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THASOS (Θάσος, sometimes Θάσσος: Eth. Θάσιος: Thaso or Tasso), an island in the N. of the Aegaean sea, off the coast of Thrace, and distant only 3 1/4 miles from the plain of the river Nestus or Kara-Su. It was distant half a day's sail from Amphipolis (Thuc. 4.104), and 32 miles from Abdera. (Plin. Nat. 4.12. s. 23.) It was also called Aeria or Aethra (Plin. l.c.; Steph. B. sub voce and Chryse, from its gold mines (Eustath. ad Dionys. Per. 517), which were the chief source of the prosperity of the island. The earliest known inhabitants of Thasos were the Phoenicians, who were doubtless attracted to the island by its valuable mines, but who are said to have come thither in search of Europa, five generations before the birth of the Grecian Hercules. They were led by Thasos, the son of Agenor, from whom the island derived its name. (Hdt. 2.44, 6.47; Paus. 5.25.12; Scymn. 660; Conon 100.37; Steph. B. sub voce Thasos was afterwards colonised in Ol. 15, or 18 (B.C. 720 or 708) by settlers from Paros, led by Telesicles, the father of the poet Archilochus. (Thuc. 4.104; Strab. ix. p.487; Clem. Al. Strom. i. p. 144; Euseb. Praep. Ev. 6.7.) There also existed at that time in the island a Thracian tribe called Saians, with whom the Parian settlers carried on war, but not always successfully; and on one occasion Archilochus was obliged to throw away his shield. (Archiloch. Fragm. 5, ed. Schneidewin; Aristoph. Pac. 1298, with the Schol.) The Greek colony rapidly rose in power, and obtained valuable possessions on the adjoining mainland, which contained even richer mines than those in the island. Shortly before the Persian invasion, the clear surplus revenue of the Thasians was 200, and sometimes even 300 talents yearly (46,000l., 66,000l.), of which Scaptê Hylê produced 80 talents, and the mines in the island rather less. (Hdt. 6.46.) Besides Scaptê Hylê the Thasians also possessed upon the mainland Galepsus and Oesyma (Thuc. iv. [p. 2.1136]107; Diod. 12.68), Stryme (Hdt. 7.118; Suid. s. v. Στρύμη), Datum, and at a later period Crenides. (Böckh, Publ. Econ. of Athens, p. 312, Engl. tr.) Herodotus, who visited Thasos, says that the most remarkable mines were those worked by the Phoenicians on the eastern side of the island between Aenyra and Coenyra opposite Samothrace, where a large mountain had been overturned in search of the gold. (Hdt. 6.47.) The Thasians appear to have been the only Greeks who worked the valuable mines in Thrace, till Histiaeus, the Milesian, settled upon the Strymon and built the town of Myrcinus, about B.C. 511. (Hdt. 5.11, 23.) After the capture of Miletus (B.C. 494), Histiaeus made an unsuccessful attempt to subdue Thasos (Hdt. 6.28), but the growing power of the Thasians excited the suspicions of Dareius, who commanded them in B.C. 492 to pull down their fortifications and remove their ships of war to Abdera,--an order which they did not venture to disobey. (Hdt. 6.46.) When Xerxes marched through Thrace on his way to Greece, the Thasians, on account of their possessions on the mainland, had to provide for the Persian army as it marched through their territories, the cost of which amounted to 400 talents (92,800l.). (Hdt. 7.118.) After the defeat of the Persians, Thasos became a member of the confederacy of Delos; but disputes having arisen between the Thasians and Athenians respecting the mines upon the mainland, a war ensued, and the Athenians sent a powerful force against the island under the command of Cimon, B.C. 465. After defeating the Thasians at sea, the Athenians disembarked, and laid siege to the city both by land and sea. The Thasians held out more than two years, and only surrendered in the third year. They were compelled to raze their fortifications; to surrender their ships of war; to give up their continental possessions; and to pay an immediate contribution in money, in addition to their annual tribute. (Thuc. 1.100, 101; Diod. 11.70; Plut. Cim. 14.) In B.C. 411 the democracy in Thasos was overthrown, and an oligarchical government established by Peisander and the Four Hundred at Athens; but as soon as the oligarchy had got possession of the power they revolted from Athens, and received a Lacedaemonian garrison and harmost. (Thuc. 8.64.) Much internal dissension followed, till at length in B.C. 408 a party of the citizens, headed by Ecphantus, expelled the Lacedaemonian harmost Eteonicus with his garrison and admitted Thrasybulus, the Athenian commander. (Xen. Hell. 1.1. 12, 32, 1.4.9; Dem. c. Lept. p. 474.) After the battle of Aegospotamos, Thasos passed into the hands of the Lacedaemonians; but it was subsequently again dependent upon Athens, as we see from the disputes between Philip and the Athenians. (Dem. de Halon. p. 80; Philipp. Epist. p. 159.) In the Roman wars in Greece Thasos submitted to Philip V. (Plb. 15.24), but it received its freedom from the Romans after the battle of Cynoscephalae, B.C. 197 (Plb. 18.27, 31; Liv. 33.30, 35), and continued to be a free (libera) town in the time of Pliny (4.12. s. 23).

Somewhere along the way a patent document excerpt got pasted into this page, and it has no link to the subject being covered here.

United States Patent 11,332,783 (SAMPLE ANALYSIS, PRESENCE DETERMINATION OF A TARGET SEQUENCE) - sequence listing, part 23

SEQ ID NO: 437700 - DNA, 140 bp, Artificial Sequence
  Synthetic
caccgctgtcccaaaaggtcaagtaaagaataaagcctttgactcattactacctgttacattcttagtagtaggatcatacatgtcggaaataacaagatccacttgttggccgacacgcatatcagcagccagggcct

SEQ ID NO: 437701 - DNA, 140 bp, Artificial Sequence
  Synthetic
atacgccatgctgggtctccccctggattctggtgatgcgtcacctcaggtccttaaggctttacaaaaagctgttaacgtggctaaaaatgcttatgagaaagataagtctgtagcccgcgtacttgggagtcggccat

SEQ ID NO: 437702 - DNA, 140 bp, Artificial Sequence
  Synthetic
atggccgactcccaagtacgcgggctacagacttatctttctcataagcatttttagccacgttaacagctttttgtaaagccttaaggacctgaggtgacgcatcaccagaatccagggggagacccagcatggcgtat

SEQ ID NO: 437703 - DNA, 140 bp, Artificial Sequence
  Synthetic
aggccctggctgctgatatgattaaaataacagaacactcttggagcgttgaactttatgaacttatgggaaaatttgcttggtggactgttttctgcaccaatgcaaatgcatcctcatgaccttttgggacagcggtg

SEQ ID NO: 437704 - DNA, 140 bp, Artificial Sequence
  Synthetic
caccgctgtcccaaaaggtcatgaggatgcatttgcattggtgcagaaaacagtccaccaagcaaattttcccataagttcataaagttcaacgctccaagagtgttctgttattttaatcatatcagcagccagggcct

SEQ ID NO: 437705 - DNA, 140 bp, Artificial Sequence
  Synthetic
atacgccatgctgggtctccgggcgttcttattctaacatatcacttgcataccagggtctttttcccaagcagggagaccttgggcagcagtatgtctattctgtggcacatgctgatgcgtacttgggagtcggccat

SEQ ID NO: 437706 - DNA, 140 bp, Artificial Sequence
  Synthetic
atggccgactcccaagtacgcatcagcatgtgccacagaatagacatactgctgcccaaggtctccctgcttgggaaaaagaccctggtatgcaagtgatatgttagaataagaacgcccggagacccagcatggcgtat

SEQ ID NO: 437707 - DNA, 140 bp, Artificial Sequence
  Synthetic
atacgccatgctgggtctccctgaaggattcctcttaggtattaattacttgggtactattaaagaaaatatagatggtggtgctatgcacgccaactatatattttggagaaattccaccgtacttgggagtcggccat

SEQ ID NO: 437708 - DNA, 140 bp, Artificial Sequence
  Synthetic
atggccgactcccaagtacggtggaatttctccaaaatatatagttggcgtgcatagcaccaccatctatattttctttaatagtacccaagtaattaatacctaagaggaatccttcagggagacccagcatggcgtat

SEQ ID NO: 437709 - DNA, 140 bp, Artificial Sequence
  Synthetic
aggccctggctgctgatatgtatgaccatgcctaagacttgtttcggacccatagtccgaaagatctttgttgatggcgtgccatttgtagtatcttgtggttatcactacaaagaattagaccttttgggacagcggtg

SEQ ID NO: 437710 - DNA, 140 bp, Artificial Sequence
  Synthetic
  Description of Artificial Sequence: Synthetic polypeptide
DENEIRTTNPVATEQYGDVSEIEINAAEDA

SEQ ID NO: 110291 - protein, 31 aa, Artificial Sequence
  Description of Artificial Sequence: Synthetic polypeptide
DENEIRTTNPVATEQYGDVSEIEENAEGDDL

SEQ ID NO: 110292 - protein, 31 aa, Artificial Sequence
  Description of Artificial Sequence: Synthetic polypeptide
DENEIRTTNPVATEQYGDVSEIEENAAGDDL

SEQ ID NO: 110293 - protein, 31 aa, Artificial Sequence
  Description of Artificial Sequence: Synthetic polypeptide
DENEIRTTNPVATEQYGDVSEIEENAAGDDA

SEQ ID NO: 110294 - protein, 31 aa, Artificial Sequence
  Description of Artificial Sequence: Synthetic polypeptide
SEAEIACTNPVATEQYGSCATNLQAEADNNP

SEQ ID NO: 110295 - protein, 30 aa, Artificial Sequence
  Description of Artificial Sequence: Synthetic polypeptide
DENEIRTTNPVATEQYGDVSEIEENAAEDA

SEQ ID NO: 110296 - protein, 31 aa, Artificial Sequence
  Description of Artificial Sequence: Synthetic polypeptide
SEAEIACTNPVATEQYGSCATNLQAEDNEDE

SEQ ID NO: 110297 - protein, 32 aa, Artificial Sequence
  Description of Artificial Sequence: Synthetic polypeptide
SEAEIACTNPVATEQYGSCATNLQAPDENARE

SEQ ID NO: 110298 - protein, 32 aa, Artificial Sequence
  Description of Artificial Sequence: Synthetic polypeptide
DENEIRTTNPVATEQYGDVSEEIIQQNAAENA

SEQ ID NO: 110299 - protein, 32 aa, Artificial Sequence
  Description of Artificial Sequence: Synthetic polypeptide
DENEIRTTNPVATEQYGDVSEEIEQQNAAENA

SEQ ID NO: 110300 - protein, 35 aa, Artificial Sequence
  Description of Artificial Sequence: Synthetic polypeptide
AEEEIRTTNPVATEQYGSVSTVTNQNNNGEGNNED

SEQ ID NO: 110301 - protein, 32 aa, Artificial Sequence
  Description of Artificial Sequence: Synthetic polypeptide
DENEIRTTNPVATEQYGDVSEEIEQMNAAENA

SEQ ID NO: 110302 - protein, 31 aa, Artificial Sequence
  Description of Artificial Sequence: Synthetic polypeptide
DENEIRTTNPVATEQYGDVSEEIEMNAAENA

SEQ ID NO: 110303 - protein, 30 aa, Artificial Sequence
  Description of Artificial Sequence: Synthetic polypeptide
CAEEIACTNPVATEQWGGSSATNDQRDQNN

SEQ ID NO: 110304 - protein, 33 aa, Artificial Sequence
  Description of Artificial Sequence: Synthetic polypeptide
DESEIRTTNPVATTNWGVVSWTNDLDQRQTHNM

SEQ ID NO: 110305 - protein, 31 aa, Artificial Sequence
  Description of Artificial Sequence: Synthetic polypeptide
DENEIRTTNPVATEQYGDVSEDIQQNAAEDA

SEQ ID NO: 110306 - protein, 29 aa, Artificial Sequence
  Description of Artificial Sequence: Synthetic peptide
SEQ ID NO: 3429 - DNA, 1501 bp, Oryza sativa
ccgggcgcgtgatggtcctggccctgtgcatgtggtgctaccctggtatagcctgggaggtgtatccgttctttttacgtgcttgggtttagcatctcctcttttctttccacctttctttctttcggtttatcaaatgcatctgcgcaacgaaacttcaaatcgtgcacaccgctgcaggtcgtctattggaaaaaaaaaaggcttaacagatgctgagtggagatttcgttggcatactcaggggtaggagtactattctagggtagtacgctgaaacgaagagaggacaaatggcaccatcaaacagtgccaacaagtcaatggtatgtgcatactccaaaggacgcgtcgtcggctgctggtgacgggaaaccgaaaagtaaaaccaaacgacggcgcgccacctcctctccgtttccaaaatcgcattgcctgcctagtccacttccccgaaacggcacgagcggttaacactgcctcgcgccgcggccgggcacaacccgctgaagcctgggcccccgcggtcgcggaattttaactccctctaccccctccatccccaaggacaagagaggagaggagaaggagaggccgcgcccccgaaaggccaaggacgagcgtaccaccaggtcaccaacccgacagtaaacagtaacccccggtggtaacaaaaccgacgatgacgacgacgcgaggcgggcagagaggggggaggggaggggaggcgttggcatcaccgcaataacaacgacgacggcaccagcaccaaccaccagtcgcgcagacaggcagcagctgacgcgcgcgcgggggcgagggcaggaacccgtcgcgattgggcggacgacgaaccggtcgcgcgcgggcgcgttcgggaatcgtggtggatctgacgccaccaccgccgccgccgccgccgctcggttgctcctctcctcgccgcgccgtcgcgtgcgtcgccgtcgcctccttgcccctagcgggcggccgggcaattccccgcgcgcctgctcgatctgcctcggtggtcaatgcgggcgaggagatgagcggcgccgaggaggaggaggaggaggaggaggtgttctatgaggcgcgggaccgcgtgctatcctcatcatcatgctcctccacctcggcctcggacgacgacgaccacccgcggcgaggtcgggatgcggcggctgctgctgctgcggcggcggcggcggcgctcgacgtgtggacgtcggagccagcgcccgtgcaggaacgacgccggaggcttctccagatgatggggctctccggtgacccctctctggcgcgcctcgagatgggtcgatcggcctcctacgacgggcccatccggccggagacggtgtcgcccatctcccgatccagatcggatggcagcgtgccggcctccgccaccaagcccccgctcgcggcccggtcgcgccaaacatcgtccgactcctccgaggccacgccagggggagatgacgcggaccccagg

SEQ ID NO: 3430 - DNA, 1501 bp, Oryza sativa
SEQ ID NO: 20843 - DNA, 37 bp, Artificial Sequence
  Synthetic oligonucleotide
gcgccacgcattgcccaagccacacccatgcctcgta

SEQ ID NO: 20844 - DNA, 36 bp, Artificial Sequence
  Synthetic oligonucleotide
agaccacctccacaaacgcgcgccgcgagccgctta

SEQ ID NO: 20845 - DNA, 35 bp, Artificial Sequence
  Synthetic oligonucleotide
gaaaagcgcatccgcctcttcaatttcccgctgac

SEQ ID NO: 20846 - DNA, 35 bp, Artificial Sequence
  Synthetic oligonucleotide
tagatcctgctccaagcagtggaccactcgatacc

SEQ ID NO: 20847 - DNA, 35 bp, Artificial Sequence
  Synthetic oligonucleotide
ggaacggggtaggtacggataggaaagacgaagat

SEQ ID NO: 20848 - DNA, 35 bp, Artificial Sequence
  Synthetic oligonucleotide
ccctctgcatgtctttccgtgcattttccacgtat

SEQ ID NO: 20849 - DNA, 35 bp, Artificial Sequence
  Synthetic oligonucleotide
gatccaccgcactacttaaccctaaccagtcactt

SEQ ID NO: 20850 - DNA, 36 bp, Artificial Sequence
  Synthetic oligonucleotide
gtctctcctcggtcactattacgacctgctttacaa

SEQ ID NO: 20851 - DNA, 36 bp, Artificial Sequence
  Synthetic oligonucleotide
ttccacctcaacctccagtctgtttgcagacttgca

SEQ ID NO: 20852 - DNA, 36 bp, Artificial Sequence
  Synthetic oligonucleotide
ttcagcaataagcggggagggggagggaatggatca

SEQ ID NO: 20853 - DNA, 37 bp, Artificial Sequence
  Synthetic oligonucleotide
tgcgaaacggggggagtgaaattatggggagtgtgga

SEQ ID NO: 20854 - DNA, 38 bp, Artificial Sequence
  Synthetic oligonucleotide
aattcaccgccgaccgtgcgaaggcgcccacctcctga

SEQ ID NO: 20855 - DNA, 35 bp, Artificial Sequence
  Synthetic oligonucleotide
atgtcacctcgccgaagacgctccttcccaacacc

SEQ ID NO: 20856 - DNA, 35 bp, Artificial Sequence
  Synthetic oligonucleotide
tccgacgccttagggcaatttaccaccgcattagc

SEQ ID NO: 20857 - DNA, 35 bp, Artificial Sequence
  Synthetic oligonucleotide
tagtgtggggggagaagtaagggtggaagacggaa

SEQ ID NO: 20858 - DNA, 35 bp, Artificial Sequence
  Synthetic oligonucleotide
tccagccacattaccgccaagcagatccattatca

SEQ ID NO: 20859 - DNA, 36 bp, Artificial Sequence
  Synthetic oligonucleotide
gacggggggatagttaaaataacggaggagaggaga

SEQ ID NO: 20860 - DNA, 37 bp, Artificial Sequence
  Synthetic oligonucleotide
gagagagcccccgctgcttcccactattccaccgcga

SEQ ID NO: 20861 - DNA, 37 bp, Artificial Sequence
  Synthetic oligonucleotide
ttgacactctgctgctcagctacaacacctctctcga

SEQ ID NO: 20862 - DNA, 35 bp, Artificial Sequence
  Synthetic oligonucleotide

The city of Thasos was situated in the northern part of the island, and possessed two ports, of which one was closed. (Scylax, p. 27; Ptol. 3.11.14.) It stood on three eminences; and several remains of the ancient walls exist, intermixed with towers built by the Venetians, who obtained possession of the island after the capture of Constantinople by the Turks. In the neighbourhood is a large statue of Pan cut in the rocks. No remains have been discovered of Aenyra and Coenyra; and the mines have long ceased to be worked.